☆ (theidolhands) wrote in 1word1day,


Saturday Word: Rasher

ra·sher [răsh′ər]:
origin: [1591] Middle English; possibly from rash (obsolete)= to cut or "razor"; maybe also "rash" as in to rush over the coals.

Did you know there was more than one kind of bacon? If you're in England, you may be offered a choice of "rashers" or "streaky" at breakfast.

Rashers, like lean-cut Canadian bacon, comes from the loin of the pig; typical American bacon is cut from the belly and referred to as "streaky". British bacon also takes from the loin, while including a flap from the fatty belly -- the best of both worlds.

The meat is then brined in a sugary & salty stock. It tastes best cooked in a skillet, probably along with bangers (pork & biscuit links), baked beans, grilled tomato, mushrooms, and a slice or two of black pudding (blood sausage). Serve with toast and a nice marmalade (or lemon curd) alongside a cup of the requisite milky, black tea. Also known as: A Full English.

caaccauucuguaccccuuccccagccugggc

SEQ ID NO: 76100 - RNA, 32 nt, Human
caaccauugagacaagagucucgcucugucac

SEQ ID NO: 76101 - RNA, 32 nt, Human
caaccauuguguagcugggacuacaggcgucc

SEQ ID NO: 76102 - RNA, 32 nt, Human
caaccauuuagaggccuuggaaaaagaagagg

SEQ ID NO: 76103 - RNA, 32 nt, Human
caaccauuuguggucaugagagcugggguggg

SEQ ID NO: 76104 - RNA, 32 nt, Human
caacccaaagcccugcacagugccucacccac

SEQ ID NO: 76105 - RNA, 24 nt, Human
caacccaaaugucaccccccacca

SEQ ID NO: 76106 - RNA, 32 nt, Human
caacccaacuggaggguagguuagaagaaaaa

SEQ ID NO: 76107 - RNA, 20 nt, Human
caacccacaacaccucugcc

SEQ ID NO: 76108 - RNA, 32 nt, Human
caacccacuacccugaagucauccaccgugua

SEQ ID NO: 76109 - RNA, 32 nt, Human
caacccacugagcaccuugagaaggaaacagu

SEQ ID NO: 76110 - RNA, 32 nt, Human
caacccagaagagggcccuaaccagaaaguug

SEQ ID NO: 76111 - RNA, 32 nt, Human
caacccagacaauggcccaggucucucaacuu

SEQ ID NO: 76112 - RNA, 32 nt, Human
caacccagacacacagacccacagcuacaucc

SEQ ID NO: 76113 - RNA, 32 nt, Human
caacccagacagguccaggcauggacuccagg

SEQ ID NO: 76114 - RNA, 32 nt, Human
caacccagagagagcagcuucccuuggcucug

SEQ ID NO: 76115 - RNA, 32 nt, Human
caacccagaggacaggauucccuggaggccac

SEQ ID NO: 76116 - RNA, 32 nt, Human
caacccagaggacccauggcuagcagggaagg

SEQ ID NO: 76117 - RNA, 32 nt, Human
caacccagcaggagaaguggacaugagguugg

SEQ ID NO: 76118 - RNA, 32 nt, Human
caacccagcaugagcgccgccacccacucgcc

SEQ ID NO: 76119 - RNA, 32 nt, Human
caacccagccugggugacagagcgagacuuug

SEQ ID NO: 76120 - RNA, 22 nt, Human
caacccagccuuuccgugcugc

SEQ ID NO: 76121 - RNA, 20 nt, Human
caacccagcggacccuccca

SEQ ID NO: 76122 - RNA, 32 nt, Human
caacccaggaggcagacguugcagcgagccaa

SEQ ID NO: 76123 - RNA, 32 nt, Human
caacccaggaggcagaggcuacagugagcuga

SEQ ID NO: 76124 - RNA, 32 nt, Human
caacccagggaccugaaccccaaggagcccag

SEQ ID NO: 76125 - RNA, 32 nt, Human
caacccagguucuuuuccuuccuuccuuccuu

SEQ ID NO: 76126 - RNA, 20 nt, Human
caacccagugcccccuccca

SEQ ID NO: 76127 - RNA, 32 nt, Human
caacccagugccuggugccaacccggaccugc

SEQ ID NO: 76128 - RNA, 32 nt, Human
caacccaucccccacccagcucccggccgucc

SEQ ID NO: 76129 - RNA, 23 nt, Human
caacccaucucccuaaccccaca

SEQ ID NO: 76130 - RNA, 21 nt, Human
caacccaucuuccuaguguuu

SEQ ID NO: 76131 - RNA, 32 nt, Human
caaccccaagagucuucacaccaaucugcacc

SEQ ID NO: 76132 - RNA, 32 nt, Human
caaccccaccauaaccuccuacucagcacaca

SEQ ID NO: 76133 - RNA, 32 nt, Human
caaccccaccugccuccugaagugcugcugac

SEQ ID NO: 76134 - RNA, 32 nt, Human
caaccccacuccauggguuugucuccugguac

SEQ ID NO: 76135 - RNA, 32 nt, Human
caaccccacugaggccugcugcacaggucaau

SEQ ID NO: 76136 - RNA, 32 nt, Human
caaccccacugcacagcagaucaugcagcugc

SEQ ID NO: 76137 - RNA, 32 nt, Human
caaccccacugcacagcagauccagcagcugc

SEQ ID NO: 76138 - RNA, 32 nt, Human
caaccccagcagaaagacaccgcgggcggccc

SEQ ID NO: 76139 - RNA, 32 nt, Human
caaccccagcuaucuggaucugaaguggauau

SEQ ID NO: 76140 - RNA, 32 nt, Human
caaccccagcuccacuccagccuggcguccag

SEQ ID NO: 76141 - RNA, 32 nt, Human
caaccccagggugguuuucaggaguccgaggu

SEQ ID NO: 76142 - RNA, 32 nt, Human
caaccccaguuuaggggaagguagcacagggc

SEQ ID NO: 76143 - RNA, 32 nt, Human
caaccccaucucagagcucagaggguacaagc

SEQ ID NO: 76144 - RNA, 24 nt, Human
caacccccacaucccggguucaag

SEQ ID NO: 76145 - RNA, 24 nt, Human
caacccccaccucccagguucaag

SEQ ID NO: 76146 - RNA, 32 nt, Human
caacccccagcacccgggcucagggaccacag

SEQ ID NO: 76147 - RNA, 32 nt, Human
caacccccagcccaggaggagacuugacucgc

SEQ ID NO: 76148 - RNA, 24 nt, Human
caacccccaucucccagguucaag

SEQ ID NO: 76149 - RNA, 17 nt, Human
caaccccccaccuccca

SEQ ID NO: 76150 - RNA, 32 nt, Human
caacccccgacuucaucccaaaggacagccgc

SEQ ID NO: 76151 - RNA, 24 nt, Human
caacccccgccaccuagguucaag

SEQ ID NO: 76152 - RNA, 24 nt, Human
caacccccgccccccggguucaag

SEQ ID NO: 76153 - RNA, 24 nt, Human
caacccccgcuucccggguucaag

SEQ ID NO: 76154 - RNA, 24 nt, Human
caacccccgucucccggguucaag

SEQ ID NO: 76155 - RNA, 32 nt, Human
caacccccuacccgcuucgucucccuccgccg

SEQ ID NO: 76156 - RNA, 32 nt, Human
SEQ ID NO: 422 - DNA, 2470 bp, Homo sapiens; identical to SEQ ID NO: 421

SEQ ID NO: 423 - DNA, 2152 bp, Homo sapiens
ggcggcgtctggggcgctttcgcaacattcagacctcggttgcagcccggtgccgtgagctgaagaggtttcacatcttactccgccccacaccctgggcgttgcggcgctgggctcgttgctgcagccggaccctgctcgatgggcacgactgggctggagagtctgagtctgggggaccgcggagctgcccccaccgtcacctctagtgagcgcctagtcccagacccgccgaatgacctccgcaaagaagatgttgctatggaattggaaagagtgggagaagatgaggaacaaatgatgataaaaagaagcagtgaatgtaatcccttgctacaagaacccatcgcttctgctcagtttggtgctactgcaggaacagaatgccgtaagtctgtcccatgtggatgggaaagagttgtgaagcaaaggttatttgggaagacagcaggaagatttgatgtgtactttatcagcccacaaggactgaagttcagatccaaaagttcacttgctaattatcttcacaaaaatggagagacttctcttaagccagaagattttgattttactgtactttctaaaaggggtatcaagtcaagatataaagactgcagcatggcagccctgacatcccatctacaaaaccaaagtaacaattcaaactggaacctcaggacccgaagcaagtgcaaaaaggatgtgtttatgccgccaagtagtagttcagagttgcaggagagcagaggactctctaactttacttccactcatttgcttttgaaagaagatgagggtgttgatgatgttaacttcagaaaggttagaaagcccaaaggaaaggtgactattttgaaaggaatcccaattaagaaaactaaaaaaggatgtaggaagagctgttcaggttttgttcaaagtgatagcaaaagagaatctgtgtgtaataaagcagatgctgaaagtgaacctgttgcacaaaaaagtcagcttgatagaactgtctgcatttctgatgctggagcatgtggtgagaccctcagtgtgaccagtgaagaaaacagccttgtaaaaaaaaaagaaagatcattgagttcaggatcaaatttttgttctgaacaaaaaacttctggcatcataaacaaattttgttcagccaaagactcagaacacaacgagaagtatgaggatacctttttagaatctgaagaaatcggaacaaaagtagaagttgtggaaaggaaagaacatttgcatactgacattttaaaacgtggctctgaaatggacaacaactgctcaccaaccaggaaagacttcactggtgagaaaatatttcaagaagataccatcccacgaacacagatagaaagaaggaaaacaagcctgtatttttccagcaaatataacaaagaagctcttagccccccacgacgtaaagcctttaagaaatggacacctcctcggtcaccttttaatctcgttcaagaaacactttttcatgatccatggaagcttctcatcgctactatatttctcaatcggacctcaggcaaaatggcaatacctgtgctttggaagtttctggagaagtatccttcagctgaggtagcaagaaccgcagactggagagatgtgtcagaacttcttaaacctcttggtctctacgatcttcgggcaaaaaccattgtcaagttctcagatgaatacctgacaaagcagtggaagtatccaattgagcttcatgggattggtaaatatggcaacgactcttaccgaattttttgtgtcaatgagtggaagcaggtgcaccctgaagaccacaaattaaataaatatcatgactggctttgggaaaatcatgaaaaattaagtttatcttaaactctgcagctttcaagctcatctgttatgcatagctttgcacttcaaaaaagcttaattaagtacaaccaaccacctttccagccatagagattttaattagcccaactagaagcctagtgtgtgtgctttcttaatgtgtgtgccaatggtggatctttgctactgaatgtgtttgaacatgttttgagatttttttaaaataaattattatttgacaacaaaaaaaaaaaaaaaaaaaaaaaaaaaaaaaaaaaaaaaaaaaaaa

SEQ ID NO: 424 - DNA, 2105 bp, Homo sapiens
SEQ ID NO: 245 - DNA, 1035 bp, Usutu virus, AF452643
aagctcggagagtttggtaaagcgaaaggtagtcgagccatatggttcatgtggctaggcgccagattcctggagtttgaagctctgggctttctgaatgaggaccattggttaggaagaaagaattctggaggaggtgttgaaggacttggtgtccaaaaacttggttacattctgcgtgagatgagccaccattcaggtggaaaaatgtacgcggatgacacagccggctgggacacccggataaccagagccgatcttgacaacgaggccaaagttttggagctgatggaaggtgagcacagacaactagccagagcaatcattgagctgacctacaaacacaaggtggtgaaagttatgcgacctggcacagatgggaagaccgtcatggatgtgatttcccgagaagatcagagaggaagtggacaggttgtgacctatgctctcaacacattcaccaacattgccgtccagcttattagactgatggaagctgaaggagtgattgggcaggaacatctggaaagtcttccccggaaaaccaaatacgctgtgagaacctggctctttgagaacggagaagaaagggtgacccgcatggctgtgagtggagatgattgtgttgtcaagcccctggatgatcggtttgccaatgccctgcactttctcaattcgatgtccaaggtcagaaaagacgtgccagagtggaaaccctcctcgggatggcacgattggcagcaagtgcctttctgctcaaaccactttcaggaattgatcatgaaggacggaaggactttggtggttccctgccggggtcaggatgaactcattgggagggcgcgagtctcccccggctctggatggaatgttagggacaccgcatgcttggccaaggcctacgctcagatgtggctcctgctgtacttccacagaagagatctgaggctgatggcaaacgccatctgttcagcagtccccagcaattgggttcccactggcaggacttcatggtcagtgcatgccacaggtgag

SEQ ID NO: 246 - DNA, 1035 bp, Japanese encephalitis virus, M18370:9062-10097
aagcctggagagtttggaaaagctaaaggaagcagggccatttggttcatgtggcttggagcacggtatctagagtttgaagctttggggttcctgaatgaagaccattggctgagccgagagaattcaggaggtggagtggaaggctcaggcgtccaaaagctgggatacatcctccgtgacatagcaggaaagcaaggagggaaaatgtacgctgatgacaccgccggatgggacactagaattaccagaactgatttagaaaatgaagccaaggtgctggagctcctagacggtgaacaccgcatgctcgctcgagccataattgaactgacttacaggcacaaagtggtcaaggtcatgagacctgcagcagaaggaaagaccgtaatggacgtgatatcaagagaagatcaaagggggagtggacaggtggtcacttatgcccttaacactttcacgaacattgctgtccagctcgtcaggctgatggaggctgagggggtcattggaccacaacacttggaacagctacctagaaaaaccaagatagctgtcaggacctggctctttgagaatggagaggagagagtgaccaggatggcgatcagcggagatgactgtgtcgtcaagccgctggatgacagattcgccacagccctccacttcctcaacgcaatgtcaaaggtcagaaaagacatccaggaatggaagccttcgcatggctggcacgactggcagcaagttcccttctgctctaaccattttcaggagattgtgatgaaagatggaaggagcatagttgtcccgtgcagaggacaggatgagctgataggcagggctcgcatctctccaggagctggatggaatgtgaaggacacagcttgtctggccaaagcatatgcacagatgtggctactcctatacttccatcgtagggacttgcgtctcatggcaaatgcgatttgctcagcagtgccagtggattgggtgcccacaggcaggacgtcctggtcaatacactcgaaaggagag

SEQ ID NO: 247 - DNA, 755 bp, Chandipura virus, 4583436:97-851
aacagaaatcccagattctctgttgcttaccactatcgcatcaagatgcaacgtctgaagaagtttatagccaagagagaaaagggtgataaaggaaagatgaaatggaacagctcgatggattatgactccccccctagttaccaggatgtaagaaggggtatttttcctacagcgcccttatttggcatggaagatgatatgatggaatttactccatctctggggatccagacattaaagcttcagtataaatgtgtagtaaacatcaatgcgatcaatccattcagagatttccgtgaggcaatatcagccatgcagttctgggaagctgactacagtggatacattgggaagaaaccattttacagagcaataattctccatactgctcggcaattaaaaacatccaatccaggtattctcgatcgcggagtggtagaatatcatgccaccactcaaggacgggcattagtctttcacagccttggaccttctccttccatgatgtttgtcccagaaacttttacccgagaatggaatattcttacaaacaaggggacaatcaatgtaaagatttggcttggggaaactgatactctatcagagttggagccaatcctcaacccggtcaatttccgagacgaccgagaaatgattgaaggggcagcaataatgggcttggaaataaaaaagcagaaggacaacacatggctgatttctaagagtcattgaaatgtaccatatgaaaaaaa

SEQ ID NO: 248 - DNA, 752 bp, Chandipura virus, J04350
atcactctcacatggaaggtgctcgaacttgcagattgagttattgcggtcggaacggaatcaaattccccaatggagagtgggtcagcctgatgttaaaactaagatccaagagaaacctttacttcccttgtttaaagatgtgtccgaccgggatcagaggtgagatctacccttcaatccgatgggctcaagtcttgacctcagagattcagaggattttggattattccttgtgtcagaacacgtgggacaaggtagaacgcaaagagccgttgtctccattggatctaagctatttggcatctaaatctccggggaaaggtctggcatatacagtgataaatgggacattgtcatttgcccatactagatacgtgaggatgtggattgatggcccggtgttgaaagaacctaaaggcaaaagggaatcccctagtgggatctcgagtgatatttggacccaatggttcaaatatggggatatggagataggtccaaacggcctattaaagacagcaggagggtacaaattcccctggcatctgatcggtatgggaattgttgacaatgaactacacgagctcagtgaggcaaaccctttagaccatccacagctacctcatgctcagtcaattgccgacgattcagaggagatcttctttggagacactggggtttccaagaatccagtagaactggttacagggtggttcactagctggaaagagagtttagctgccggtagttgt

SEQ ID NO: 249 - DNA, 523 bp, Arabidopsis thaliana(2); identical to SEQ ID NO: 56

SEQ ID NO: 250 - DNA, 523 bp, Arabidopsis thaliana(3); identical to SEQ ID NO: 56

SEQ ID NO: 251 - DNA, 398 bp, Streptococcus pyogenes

It is also a type of commercial fish, found on the northern coasts of Europe & America.

photo source
Tags: british, noun, r, unknown etymology, wordsmith: theidolhands

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